The food was good and there was plenty of it, a real Yiddishe spread, as my mother might have it. A nouveau spread, really, since we were in one of those places that have recently sprung to bring a modern touch to trad Jew deli. There’s a similar joint in Brooklyn called Mile End and the people behind it have a relationship with these guys, been, for instance, on deli retreats with them and the others in their tribe. They love to cure their own meats, make their own dogs and pickle vegetables with their fists in the pickling liquid. It’s laudable and the results are sound.

This particular place was called DGS Delicatessen, the name an update, in the manner of the food itself, of “District Grocery Stores,” an old time Jewish outfit that once inhabited the building, or maybe the one next door. I have no idea if the congressman knew that store, but I do know he used to gather the Super troops at a venerable deli not far off. When it closed, this seemed the best available alternative.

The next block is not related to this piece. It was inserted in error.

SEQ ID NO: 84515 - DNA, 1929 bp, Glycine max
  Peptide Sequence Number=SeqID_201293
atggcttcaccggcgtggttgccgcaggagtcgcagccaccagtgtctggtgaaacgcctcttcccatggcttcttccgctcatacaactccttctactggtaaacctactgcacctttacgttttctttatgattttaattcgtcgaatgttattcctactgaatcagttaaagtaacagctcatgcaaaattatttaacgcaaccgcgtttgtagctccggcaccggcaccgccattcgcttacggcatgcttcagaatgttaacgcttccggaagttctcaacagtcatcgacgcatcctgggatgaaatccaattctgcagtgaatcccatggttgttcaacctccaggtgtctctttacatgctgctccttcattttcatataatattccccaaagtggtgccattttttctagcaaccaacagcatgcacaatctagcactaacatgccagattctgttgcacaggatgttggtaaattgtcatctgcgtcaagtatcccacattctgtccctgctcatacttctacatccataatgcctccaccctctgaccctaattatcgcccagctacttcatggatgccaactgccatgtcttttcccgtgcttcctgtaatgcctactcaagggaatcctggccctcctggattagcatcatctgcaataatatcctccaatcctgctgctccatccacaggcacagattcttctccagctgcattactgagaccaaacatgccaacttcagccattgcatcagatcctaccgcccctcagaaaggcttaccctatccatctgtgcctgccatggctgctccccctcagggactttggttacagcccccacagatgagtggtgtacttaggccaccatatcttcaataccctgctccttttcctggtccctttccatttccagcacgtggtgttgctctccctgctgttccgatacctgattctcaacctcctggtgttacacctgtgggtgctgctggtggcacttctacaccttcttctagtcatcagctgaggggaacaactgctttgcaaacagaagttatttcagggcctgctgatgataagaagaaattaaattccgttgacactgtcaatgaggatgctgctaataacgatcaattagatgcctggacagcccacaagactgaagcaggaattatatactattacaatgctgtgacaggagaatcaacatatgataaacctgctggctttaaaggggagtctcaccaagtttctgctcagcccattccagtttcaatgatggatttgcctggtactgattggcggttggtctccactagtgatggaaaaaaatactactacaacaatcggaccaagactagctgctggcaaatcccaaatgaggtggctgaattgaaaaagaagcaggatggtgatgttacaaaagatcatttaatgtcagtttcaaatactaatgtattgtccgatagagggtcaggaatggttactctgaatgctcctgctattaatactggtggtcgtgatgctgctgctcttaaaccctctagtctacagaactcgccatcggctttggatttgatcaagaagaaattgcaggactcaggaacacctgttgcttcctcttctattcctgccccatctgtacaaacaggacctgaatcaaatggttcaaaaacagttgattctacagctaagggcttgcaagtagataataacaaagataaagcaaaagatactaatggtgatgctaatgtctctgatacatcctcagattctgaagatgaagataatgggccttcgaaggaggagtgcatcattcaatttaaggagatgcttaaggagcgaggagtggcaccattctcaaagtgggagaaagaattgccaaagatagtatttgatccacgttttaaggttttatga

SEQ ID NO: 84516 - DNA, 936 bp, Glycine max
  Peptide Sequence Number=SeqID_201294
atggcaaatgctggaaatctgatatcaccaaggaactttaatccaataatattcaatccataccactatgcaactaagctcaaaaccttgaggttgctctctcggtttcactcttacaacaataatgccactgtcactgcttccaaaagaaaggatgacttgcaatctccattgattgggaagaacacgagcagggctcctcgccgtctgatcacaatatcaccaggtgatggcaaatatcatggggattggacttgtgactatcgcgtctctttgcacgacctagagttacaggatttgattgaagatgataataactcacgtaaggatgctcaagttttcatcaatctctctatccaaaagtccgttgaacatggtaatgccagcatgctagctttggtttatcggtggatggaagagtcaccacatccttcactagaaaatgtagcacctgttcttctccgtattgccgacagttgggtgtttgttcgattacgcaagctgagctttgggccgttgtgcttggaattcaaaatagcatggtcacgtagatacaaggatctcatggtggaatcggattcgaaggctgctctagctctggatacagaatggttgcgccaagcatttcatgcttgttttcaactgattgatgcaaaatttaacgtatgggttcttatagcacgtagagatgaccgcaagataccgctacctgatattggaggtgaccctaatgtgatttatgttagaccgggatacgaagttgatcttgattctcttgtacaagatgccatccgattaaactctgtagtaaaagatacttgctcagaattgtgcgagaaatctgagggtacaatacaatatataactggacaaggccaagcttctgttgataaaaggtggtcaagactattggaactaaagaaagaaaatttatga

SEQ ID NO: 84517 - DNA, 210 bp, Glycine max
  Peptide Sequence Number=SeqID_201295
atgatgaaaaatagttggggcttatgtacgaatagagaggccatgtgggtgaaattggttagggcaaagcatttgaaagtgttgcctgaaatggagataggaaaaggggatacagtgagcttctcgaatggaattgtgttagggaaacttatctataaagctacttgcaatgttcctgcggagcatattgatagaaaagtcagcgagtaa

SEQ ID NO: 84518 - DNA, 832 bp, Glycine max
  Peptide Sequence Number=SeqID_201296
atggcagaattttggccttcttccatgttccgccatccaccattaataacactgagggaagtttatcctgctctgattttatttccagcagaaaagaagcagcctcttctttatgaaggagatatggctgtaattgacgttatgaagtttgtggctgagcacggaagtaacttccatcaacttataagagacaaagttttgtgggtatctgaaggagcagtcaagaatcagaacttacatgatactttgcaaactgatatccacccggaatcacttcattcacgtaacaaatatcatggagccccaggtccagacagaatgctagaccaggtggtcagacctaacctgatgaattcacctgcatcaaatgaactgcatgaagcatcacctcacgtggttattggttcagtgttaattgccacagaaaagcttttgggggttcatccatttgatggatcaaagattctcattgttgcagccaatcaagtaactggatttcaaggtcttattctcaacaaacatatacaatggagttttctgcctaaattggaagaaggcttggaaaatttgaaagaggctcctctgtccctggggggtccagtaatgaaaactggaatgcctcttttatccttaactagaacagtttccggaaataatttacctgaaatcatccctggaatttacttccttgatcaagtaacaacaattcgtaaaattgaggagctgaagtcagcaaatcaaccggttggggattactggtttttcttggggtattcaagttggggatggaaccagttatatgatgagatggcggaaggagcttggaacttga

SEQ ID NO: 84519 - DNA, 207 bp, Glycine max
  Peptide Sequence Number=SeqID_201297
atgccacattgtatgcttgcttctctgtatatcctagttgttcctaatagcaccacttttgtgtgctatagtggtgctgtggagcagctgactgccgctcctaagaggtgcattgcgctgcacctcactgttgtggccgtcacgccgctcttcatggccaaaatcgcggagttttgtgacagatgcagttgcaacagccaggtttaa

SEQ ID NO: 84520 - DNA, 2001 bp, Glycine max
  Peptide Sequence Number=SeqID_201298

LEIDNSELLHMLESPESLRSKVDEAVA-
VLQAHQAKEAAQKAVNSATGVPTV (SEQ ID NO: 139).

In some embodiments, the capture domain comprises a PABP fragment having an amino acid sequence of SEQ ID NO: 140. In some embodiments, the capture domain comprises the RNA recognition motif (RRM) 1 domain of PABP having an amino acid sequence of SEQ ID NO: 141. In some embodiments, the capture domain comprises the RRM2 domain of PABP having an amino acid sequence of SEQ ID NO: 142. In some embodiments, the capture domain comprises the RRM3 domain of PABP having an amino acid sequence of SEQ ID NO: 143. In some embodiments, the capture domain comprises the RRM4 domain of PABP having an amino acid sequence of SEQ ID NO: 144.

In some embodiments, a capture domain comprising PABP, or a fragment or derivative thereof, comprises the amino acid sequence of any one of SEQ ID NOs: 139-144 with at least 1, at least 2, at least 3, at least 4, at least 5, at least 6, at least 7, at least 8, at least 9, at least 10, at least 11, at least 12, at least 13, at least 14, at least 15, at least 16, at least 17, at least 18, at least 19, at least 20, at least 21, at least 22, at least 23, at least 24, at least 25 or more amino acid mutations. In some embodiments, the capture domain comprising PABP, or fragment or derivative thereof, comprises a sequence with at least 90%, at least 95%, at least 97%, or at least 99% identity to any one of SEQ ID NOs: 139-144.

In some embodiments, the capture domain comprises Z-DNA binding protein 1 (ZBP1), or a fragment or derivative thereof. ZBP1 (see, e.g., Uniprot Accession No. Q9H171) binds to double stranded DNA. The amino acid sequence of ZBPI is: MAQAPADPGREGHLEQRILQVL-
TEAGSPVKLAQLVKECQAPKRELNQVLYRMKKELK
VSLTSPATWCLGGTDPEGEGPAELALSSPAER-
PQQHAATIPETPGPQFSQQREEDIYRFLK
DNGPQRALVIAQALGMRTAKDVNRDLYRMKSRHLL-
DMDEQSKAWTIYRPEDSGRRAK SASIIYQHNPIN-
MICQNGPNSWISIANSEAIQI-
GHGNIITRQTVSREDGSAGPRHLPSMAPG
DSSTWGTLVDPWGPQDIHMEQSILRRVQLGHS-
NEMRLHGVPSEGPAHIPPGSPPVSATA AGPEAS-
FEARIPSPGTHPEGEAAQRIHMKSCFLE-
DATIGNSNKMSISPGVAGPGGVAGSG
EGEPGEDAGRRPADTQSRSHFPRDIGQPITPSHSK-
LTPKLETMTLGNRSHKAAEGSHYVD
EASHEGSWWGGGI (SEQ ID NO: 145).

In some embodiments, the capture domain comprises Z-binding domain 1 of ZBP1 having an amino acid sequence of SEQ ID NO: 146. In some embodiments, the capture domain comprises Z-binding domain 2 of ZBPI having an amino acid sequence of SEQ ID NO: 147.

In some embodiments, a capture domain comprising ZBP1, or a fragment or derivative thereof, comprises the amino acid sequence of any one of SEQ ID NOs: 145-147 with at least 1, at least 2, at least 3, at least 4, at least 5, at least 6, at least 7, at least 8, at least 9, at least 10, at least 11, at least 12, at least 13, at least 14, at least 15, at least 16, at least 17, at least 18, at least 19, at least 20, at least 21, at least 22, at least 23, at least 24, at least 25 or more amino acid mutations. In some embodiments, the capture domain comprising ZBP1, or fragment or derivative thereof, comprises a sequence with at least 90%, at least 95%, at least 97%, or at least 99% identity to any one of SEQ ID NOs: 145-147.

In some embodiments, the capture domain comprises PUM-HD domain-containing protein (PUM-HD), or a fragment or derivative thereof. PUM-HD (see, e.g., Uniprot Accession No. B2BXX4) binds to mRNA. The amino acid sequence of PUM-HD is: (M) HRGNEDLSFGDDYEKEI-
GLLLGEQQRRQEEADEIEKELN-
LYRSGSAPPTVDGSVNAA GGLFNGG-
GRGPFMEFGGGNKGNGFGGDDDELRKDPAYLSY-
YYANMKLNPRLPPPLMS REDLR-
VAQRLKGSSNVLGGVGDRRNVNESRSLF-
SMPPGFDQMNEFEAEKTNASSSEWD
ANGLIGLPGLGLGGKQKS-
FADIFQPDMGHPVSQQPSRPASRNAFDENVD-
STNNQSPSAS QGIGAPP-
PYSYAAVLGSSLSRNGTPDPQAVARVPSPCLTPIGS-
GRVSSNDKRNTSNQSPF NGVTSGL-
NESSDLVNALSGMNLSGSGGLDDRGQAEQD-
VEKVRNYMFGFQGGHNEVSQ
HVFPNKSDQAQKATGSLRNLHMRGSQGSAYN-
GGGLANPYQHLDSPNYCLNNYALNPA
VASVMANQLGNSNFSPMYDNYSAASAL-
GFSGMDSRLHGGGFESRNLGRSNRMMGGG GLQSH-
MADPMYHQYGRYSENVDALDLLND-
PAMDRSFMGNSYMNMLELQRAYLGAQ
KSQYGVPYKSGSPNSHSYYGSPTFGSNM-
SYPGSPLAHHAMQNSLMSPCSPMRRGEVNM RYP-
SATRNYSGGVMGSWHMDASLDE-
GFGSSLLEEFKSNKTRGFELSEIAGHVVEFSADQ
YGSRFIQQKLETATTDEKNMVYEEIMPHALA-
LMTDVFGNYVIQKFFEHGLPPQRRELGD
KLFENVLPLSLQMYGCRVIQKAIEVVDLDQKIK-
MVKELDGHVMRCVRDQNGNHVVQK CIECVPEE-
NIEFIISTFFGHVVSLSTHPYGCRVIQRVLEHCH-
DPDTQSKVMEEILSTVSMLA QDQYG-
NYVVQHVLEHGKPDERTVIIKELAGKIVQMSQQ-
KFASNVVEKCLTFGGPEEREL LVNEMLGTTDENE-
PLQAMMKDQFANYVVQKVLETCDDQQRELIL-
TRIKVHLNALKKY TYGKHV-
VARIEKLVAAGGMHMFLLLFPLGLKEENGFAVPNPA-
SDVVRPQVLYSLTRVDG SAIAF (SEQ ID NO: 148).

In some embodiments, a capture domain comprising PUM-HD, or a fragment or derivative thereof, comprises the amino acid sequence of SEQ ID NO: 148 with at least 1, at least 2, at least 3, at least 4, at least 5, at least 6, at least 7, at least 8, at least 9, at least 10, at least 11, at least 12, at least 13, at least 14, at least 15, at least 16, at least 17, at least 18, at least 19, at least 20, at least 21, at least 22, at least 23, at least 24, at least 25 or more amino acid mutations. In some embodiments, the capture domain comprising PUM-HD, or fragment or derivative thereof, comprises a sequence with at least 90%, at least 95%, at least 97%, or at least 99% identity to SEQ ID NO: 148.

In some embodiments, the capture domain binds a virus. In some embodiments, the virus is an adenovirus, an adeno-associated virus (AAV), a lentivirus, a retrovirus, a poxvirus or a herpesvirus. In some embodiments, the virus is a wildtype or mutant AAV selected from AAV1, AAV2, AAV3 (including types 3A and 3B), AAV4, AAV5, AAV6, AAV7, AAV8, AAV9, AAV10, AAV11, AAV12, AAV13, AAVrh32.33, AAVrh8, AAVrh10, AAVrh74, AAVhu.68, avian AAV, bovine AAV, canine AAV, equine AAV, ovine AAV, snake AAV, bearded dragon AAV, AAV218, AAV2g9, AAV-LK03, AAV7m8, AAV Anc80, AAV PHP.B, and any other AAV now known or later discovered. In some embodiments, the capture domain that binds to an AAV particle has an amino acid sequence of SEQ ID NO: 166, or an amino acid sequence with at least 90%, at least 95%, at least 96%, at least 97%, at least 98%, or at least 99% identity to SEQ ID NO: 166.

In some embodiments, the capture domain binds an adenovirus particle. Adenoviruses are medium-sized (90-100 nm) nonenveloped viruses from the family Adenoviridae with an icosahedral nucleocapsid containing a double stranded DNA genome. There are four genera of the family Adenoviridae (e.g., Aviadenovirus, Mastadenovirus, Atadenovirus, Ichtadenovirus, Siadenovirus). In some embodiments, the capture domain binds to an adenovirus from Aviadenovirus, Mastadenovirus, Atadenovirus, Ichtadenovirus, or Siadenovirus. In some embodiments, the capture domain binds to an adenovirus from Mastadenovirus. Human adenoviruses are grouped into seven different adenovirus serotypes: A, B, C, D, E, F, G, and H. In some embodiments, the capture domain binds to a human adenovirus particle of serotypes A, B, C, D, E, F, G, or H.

Still, maybe the ways in which DGS pastrami is more artful than ample are emblematic of the changes in politics itself, perhaps the reason Waxman decided to retire. Maybe he didn’t want to serve in a nouveau Congress with comparatively paltry sandwiches, presented in a style he found — if slightly — unfamiliar.


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